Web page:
(iii) Any request for environmental information therefore must be dealt with under the EIRs.

(iv) In responding to a request for environmental information under FOISA, an authority may claim the exemption in section 39(2).

13. In the present case, CNPA submitted that it had spent time considering whether or not the withheld information was environmental information. CNPA formed the conclusion that it was not: it was general and personal correspondence between a member of the Royal Household and the authority concerning the potential development of a business relationship between CNPA and a charitable trust, and therefore the request should be considered under FOISA. CNPA did not consider that the content of the correspondence satisfied the definition of information on "the state of the elements of the environment": that content, in its view, was not scientific or otherwise "environmental" in a substantive sense.

14. CNPA also submitted there was no merit in backtracking to reconsider the request under the EIRs, thereby relying on the exemption in section 39(2) of FOISA. CNPA confirmed it was upholding its decision to consider the request under FOISA.

15. Having considered the nature and content of the withheld information, the Commissioner is satisfied that it comprises environmental information as defined within regulation 2(1) of the EIRs. The Commissioner is satisfied that it would fall within paragraph (a) of the definition of environmental information (as information on the state of the elements of the environment); paragraph (c) of that definition (as information on measures affecting or likely to affect those elements); or paragraph (f) (as information on the state of human health and safety that is or may be effected by those elements or measures).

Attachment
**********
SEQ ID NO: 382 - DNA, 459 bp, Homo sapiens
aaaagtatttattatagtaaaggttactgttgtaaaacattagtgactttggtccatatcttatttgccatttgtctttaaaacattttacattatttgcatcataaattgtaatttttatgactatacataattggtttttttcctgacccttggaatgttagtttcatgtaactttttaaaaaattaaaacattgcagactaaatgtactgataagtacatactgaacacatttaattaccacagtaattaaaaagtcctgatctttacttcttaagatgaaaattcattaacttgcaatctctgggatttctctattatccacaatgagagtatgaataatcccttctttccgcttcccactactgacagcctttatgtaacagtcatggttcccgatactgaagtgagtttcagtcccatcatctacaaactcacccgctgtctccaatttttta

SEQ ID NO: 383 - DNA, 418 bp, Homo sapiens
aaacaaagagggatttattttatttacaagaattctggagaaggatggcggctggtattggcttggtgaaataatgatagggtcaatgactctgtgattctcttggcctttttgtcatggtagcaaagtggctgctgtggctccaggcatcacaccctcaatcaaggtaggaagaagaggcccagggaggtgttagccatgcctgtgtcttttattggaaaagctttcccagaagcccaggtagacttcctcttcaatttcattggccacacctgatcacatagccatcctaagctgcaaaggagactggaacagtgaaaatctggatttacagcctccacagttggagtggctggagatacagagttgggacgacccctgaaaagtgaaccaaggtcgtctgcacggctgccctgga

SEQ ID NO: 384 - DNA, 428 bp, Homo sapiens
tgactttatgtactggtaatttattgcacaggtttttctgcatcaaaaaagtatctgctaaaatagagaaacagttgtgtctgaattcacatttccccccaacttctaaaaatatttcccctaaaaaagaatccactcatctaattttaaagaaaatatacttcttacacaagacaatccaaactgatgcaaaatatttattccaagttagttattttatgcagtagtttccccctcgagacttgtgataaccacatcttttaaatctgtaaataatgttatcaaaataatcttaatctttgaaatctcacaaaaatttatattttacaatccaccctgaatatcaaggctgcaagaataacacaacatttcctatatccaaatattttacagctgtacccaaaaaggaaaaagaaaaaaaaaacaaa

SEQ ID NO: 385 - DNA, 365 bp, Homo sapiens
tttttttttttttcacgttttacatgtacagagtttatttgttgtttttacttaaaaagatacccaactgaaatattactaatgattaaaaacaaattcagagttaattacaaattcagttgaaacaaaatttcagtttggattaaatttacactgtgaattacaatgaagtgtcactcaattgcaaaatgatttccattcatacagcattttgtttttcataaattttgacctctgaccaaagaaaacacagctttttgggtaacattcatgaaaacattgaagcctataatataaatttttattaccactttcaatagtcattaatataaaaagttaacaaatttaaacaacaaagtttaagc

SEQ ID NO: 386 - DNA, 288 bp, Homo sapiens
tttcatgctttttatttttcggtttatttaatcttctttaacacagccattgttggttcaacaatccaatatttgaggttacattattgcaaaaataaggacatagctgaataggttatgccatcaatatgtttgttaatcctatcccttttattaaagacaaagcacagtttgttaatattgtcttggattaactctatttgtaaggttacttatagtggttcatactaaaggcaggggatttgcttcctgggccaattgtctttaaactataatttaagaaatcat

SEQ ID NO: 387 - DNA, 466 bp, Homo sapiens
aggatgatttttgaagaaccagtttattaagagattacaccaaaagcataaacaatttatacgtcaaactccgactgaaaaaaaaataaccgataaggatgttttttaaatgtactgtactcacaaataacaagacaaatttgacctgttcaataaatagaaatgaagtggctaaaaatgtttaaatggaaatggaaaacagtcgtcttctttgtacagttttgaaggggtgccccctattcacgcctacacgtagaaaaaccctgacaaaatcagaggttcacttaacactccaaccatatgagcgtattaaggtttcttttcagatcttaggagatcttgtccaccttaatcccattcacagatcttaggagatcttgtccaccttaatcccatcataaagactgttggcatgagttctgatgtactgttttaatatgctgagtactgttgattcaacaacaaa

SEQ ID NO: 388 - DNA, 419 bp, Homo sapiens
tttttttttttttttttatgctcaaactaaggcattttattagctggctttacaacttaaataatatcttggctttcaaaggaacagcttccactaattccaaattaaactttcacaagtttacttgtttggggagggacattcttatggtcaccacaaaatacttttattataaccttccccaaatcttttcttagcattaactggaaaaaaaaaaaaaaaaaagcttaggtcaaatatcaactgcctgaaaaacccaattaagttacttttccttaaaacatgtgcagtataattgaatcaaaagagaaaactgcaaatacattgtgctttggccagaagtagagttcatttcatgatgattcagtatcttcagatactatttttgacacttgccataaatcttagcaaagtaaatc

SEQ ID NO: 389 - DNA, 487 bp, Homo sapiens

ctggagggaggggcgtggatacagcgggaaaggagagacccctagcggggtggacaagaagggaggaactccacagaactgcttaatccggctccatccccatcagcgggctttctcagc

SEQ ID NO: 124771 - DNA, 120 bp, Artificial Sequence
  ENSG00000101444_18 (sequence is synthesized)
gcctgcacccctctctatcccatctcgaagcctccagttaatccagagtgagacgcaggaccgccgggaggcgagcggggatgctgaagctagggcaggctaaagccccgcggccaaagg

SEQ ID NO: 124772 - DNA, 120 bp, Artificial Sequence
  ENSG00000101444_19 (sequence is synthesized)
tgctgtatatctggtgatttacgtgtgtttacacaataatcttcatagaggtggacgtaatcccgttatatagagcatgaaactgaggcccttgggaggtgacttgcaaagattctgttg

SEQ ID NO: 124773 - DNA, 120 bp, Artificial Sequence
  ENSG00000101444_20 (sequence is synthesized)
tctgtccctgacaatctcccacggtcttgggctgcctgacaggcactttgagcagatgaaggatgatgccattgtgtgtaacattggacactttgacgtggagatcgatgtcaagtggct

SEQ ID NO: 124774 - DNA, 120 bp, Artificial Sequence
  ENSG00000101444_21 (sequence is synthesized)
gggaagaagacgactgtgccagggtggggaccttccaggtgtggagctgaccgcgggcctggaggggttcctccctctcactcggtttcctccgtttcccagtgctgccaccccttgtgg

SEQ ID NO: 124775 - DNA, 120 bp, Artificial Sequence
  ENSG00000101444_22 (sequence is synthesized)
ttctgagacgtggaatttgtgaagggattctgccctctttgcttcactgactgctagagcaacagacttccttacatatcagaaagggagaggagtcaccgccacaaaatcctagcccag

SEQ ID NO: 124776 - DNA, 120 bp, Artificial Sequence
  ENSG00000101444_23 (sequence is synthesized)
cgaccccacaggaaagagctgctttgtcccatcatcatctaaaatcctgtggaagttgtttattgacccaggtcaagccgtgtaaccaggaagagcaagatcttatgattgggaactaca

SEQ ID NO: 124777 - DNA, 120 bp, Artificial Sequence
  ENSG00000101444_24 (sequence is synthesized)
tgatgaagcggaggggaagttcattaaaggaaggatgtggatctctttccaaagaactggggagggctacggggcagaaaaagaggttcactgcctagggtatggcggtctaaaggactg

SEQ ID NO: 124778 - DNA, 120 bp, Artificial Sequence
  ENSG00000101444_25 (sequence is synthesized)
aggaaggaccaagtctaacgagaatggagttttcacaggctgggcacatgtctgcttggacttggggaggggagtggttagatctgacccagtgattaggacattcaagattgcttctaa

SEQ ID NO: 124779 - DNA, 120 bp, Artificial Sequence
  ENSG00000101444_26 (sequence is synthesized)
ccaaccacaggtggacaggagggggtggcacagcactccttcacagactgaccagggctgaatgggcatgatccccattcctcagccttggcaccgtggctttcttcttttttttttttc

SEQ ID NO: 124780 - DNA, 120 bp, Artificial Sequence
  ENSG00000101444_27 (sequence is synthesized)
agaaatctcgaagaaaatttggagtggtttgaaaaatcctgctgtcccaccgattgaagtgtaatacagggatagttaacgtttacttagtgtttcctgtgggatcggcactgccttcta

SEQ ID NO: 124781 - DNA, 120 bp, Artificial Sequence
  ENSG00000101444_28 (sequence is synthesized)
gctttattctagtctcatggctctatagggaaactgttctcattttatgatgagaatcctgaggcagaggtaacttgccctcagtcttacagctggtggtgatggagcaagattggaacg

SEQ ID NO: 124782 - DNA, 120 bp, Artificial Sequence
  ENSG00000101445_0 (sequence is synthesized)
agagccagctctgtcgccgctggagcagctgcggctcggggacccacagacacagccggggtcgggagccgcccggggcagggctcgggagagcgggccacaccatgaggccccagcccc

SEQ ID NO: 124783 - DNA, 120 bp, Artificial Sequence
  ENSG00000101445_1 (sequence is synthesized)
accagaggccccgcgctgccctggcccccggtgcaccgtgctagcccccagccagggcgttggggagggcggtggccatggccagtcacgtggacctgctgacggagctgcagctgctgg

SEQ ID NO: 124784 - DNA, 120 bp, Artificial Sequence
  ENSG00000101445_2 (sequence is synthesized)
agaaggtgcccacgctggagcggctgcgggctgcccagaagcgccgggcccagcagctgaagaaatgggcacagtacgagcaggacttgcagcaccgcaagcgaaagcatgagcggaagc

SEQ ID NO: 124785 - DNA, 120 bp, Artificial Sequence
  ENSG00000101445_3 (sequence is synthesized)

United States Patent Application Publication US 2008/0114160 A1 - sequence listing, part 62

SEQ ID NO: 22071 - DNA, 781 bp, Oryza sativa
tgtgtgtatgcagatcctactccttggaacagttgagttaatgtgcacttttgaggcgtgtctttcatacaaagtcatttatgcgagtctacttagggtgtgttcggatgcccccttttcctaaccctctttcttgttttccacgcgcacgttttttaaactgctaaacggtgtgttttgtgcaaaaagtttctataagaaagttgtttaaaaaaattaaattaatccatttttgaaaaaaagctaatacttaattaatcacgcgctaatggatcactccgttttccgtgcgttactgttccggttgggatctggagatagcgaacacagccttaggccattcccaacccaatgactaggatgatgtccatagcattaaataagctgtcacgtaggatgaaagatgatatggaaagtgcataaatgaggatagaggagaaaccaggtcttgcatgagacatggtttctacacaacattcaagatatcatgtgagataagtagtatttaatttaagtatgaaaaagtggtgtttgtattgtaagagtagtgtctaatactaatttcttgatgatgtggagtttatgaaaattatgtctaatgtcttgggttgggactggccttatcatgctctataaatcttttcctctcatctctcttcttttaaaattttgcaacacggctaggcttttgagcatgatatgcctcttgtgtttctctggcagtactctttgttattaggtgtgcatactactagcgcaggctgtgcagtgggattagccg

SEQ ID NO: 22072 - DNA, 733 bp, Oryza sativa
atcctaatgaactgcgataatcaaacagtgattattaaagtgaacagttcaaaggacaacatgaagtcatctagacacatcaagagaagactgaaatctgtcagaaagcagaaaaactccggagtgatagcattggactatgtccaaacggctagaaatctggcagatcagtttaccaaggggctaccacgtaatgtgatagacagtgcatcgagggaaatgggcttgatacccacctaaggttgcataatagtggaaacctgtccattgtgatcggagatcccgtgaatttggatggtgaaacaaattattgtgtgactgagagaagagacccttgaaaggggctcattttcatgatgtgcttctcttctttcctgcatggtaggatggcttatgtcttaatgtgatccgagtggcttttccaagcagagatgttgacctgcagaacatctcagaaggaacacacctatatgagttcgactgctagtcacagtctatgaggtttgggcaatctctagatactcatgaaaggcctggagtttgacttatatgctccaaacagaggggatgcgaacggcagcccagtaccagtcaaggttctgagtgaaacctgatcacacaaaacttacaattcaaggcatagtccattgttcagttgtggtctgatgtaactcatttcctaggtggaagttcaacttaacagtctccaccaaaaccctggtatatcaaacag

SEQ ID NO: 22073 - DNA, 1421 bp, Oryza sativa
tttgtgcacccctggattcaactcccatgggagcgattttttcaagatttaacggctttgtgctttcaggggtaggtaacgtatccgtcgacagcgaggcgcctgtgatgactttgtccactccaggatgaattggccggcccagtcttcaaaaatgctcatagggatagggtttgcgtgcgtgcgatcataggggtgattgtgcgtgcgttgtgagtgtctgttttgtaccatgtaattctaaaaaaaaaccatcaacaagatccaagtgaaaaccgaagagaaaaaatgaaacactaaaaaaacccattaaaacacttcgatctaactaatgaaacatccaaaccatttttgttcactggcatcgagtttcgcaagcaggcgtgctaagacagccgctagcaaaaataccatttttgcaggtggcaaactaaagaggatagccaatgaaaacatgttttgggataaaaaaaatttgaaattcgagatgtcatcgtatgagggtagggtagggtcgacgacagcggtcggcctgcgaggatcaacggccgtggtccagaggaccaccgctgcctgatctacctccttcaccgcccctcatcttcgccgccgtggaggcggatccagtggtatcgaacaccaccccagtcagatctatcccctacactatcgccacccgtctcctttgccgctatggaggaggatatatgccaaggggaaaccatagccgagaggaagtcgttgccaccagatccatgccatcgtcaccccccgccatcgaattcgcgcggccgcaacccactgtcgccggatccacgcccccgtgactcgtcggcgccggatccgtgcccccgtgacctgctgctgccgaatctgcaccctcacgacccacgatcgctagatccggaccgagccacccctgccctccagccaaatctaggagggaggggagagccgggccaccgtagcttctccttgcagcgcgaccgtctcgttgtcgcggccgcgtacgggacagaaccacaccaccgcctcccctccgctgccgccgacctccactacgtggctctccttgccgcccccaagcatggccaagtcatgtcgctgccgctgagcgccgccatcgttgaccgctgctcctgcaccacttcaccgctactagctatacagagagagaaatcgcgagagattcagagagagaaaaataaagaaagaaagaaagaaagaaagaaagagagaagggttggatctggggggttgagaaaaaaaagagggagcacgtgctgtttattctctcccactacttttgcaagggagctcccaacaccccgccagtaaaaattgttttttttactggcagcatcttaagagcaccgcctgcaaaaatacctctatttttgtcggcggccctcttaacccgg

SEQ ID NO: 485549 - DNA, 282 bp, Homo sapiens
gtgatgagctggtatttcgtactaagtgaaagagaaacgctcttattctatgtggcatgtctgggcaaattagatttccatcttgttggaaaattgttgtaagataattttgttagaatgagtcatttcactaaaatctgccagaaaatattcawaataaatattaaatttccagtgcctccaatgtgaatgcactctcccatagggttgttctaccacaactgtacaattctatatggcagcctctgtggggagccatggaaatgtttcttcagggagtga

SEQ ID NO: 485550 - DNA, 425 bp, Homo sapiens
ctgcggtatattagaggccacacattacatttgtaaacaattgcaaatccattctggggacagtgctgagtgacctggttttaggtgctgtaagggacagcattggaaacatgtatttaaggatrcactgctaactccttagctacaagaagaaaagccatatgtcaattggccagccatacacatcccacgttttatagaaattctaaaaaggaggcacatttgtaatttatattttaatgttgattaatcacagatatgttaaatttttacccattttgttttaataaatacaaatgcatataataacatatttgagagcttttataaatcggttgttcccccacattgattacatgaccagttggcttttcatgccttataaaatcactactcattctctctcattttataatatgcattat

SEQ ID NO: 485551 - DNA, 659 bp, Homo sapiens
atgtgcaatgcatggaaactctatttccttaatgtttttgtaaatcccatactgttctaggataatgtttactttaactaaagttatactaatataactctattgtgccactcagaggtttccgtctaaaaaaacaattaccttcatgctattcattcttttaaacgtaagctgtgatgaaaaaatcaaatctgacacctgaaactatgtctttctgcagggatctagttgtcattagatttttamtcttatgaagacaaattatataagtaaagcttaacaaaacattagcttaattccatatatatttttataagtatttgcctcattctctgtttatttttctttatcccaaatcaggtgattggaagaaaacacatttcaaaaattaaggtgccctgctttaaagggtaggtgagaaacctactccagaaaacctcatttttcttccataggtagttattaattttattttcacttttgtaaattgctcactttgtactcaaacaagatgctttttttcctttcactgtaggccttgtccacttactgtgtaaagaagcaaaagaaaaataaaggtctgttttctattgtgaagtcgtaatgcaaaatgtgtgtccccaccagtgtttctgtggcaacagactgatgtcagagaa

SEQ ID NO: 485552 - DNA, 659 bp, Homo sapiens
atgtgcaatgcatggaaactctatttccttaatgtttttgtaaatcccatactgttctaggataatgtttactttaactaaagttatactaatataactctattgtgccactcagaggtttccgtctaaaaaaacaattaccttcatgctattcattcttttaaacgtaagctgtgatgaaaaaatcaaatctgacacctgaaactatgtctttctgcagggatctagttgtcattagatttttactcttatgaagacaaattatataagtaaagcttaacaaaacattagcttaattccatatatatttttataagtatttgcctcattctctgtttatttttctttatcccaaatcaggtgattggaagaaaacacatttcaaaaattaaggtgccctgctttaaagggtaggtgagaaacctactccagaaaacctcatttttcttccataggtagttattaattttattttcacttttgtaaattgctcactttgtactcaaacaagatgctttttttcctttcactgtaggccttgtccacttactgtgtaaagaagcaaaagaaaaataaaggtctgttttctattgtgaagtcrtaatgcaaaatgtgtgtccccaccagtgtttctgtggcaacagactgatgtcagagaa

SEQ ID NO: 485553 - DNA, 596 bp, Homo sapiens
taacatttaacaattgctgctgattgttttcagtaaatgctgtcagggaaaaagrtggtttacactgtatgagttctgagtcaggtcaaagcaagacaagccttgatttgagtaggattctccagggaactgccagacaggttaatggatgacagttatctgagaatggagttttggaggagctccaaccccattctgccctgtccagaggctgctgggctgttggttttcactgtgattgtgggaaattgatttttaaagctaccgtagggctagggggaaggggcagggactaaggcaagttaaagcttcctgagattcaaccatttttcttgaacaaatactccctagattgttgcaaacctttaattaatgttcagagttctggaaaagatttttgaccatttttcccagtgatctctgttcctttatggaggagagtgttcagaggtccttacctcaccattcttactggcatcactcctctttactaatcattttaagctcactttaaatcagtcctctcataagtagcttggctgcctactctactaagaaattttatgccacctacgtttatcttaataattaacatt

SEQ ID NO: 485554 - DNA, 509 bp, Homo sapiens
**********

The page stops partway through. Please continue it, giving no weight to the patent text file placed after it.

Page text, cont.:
16. The definition of what constitutes environmental information should not be viewed narrowly. Here, without disclosing the content of the withheld information, the Commissioner can confirm that it relates in general terms to the conservation of species and related questions of sustainability: that is enough, without the information being of a more scientific or otherwise technically "environmental" character.

17. In this case, therefore, the Commissioner must conclude that by failing to consider and respond to Mr Ellison's request in terms of the EIRs, CNPA failed to comply with regulation 5(1) of the EIRs. It must now respond to Mr Ellison's requirement for review in accordance with regulation 16 of the EIRs. 
 

 

Decision

The Commissioner finds that Cairngorms National Park Authority (CNPA) failed to comply with the Environmental Information (Scotland) Regulations 2004 (the EIRs) in responding to the information request made by Mr Ellison.